Pumpkin Bread

3 tablespoons ground flax seeds
1/2 cup water
2 cups sugar
2 cups pumpkin puree
1/3 cup canola oil
3 cups flour
1 teaspoon cinnamon
1 teaspoon nutmeg
1 teaspoon baking soda
1/2 teaspoon baking powder
1/2 teaspoon salt

Preheat oven to 350 degrees.  Lightly oil two loaf pans.
In a large bowl, mix flax seeds and water together until creamy.  Add the sugar, pumpkin and oil to the flax mixture and stir until well blended.  In a medium sized bowl, stir together the flour, spices, baking powder, baking soda and salt.  Add the dry ingredients to the wet and combine but do not over mix.  
Spoon the batter into the loaf pans and bake for approximately 50 minutes or until a knife inserted in the center comes out clean.  Let the loaves cool for about 20 minutes before removing them from the pans.

Saturday, October 15, 2011

Pumpkin Peanut Butter Oatmeal Squares

Pumpkin Peanut Butter Oatmeal Squares

It's pumpkin post day for a me and a few of my awesome buddies from the Vegan Cooking and Cookbooks group on Goodreads!   We are all posting pumpkin recipes and I have chosen these easy, moist and delicious squares that I wish I could take the credit for but actually found at another blog here.  I've altered the recipe somewhat, reducing the sugar by a third and adding my own mix of spices.  I've never purchased premixed pumpkin pie spice so I just Googled what was in it and added the amounts I wanted.  This recipe was really fast to put together and I was excited to try the peanut butter-pumpkin combination.

Pumpkin Peanut Butter Oatmeal Squares

1 cup pumpkin puree
1/2 cup peanut butter
2 cups oats
3/4 cup brown sugar
1/4 cup white sugar
1 teaspoon vanilla extract
1/2 teaspoon cinnamon
1/2 teaspoon nutmeg
1/8 teaspoon dried ginger
1/8 teaspoon allspice

Preheat oven to 350 degrees.  Line a 8x8 or 9x9 square cake pan with foil and spray with oil.
In a medium sized bowl, stir together all ingredients until well mixed.  Pat down into pan and bake for 25 minutes.   Let them cool in the pan before you attempt to remove and slice.

Friday, October 14, 2011

Vegan Popover Muffins - An Interesting Experiment

Vegan Popover Muffins

I've been wanting to make vegan popovers forever!   I made traditional popovers for the first time a few years ago to serve at a mother daughter tea-party and ever since, I've nursed the idea in the back of my mind.  The originals tasted quite egg-y and here I've used chick-pea flour instead of eggs.

This recipe is adapted from one posted on the PPK forums combined with another recipe I found on the web.  As you can see from the photo, they came out looking more like sunken muffins.  When I checked on them half way through they were nicely domed but - oops maybe I shouldn't have opened the oven because they sank.  The insides were very moist and the outsides fairly crisp.  There were no large air pockets but several small ones distributed throughout.  I think they must be eaten with jam or something sweet because on their own I don't find them super appealing.  I would rate this experiment as semi-successful because while they didn't look like a traditional popover, they still taste pretty good and I liked the contrast between the inner softness and the outer crispness.  I would love to hear about anyone else's experience with this type of recipe. Please let me know in the comments if you've found a good one.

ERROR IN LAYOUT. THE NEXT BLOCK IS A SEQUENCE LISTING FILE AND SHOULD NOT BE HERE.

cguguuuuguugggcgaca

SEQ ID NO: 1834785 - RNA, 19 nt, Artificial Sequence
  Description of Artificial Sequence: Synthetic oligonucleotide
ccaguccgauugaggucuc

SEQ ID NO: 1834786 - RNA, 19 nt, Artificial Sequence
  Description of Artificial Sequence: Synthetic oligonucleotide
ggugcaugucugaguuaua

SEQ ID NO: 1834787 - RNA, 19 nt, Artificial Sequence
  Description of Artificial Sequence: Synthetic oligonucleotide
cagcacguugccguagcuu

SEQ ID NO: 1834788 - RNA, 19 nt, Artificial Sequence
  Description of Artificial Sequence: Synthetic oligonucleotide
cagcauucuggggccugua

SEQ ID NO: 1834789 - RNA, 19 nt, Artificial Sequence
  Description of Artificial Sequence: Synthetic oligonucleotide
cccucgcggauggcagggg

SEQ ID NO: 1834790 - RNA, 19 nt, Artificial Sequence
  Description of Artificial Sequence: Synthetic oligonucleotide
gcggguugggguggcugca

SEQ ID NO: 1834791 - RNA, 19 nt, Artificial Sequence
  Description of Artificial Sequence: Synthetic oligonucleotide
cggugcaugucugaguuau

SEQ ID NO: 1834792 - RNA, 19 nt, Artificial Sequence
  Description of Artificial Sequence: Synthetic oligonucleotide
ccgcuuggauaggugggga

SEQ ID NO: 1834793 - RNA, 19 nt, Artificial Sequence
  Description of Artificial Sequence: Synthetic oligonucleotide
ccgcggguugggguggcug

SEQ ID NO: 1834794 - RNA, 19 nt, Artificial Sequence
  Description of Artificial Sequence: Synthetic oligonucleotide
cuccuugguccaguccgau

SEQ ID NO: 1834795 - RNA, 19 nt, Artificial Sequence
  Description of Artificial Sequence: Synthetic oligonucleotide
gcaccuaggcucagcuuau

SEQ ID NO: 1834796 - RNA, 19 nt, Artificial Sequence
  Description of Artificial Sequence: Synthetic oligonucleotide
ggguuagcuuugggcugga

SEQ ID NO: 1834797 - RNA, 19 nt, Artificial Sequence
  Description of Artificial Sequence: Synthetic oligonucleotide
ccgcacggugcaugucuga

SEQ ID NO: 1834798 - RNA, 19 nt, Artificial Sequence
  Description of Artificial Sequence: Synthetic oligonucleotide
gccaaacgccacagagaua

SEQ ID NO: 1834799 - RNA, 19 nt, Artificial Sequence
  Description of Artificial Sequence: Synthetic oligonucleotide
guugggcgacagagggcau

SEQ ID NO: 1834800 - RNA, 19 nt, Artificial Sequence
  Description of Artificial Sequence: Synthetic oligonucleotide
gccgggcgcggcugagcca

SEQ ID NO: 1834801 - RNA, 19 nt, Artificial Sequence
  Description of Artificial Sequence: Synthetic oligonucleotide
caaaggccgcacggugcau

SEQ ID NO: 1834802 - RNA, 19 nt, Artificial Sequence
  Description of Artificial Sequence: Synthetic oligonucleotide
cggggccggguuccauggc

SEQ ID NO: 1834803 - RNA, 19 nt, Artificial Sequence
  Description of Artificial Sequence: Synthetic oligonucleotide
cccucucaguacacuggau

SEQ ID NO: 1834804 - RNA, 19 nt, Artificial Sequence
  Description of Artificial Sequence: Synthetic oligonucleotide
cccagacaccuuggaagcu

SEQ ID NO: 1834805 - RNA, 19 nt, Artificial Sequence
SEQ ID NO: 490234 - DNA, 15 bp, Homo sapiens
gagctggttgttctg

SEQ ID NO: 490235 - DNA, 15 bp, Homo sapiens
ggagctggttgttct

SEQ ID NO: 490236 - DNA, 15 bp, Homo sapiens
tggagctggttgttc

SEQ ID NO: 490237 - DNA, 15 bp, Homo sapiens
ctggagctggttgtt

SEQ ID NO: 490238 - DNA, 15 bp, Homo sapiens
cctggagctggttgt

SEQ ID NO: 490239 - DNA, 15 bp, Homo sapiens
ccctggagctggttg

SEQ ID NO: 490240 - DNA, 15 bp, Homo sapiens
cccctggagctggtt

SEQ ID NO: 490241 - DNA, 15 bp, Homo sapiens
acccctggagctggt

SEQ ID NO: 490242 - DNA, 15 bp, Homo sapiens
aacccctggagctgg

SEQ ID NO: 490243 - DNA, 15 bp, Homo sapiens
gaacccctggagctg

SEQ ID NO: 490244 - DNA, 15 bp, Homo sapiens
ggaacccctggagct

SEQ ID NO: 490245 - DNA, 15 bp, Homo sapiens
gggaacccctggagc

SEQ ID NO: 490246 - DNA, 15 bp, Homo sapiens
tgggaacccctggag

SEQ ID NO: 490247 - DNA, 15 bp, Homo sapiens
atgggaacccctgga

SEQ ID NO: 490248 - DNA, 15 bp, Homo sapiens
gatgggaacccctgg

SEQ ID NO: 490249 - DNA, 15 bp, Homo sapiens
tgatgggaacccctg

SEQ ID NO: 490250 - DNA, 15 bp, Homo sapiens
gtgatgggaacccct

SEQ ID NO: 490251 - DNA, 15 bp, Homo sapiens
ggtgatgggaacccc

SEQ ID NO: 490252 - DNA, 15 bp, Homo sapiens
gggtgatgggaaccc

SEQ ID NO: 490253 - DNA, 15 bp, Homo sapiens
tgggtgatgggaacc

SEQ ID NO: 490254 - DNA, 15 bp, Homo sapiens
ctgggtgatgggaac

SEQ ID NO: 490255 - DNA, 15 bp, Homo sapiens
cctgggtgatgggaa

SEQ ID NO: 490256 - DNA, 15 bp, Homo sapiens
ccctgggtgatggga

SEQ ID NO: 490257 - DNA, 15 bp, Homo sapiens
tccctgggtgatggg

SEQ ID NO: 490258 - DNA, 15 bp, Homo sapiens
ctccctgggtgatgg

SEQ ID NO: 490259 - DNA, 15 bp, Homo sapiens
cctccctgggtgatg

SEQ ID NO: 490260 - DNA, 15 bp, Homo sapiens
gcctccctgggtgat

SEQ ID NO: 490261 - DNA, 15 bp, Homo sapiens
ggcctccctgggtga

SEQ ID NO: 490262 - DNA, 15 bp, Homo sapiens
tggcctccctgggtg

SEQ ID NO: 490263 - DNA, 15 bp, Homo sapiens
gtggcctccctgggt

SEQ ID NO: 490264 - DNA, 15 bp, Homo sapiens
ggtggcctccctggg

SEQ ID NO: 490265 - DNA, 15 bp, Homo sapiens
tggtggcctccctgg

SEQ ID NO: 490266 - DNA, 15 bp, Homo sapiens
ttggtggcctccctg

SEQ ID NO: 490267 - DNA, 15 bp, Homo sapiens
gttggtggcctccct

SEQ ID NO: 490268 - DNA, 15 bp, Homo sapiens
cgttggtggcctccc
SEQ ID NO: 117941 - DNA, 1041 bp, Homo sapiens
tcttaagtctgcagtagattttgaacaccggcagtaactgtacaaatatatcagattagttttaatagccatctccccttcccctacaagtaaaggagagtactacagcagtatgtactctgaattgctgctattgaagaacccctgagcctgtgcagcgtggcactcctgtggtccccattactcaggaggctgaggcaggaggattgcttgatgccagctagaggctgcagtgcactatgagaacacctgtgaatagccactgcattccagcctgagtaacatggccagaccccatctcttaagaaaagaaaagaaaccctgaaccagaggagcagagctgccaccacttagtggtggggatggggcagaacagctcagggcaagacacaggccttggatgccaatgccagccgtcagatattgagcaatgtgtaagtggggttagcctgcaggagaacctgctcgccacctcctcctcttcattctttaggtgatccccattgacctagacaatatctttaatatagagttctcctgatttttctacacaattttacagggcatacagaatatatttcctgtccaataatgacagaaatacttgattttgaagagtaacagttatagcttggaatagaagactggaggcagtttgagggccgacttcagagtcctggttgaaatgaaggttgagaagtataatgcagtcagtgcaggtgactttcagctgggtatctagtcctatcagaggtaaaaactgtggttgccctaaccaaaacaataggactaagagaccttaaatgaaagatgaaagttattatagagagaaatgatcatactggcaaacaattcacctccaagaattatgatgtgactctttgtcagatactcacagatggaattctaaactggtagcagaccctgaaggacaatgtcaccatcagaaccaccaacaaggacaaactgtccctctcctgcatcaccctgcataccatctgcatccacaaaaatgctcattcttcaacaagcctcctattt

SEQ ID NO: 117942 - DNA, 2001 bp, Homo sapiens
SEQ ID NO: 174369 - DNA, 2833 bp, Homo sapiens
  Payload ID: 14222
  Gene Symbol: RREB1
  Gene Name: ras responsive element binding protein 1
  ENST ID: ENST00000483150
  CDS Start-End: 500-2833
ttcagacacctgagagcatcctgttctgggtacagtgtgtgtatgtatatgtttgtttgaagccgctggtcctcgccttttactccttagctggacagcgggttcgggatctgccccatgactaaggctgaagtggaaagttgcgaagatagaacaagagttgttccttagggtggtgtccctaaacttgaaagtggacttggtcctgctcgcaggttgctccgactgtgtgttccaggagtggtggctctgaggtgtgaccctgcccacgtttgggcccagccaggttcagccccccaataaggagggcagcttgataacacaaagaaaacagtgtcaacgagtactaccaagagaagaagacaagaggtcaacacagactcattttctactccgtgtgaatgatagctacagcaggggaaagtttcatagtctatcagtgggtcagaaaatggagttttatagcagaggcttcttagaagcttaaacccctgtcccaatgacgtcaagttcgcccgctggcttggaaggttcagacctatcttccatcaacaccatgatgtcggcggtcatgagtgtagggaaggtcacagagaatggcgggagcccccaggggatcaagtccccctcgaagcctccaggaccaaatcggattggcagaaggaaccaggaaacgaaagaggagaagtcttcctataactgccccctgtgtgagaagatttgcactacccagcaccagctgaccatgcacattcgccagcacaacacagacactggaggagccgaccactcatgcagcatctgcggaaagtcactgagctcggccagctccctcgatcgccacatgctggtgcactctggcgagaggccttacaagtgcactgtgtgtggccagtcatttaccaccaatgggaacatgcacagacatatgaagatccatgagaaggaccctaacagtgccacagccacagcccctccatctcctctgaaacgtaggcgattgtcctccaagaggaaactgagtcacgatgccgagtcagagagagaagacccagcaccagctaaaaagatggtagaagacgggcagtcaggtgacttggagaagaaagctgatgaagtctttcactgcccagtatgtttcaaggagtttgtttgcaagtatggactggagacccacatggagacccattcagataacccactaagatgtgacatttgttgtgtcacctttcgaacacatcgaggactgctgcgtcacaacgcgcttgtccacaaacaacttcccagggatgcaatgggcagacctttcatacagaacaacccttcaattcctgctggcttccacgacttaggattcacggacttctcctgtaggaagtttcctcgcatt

Vegan Popover Muffins

1 1/14 cups flour
3 Tablespoons chickpea/garbanzo flour
1 Tablespoon baking soda
pinch turmeric
1 teaspoon salt
1 3/4 cups soy-milk
1/3 water
1/2 package silken tofu (mori-nu vacuum pack)
2 tablespoons melted Earth Balance

Preheat oven to 450 degrees.  Grease a muffin or popover tin.
Combine dry ingredients in a bowl.  Add tofu, water, Earth Balance and soy milk to a blender or food processor and blend until smooth.  Add the wet to the dry mixture and stir until thick and smooth.
Fill muffin tins about 3/4 full.  Bake at 450 degrees for 15 minutes and then turn down heat to 350 and bake for another 10 minutes.    Serve warm with jam.   Yields 12 popovers.

Sunday, October 9, 2011

White Bean - Red Pepper Dip

White Bean - Red Pepper Dip

I know this looks like another sandwich but peeping out from under the tomato is a quick and easy bean dip.   I hadn’t planned on a theme for Vegan Mofo but one seems to be presenting itself – food for people who have minimal time to cook!  Normally, I would love spending hours puttering around the kitchen, reading my cookbooks and browsing online for new recipes but lately other projects have been occupying my time.  This dip is great for sandwiches or simply slathered on a piece of toast or baguette.  

Red Pepper-White Bean Spread

2 tablespoons olive oil
½ red pepper, choppd
1-2 cloves garlic, chopped
1 can navy beans, drained and rinsed
2-3 tablespoons lemon juice
Salt and pepper to taste

Cook the red pepper and garlic in the olive oil for two to three minutes on medium high.  Be careful not to burn the garlic.  In a food processor, blend remaining ingredients, scraping down the sides once or twice.   Add the red pepper, garlic and olive oil to the bean mixture in the processor and blend until incorporated.  

Thursday, October 6, 2011

My Lemony Birthday Cake

Lemony Birthday Cake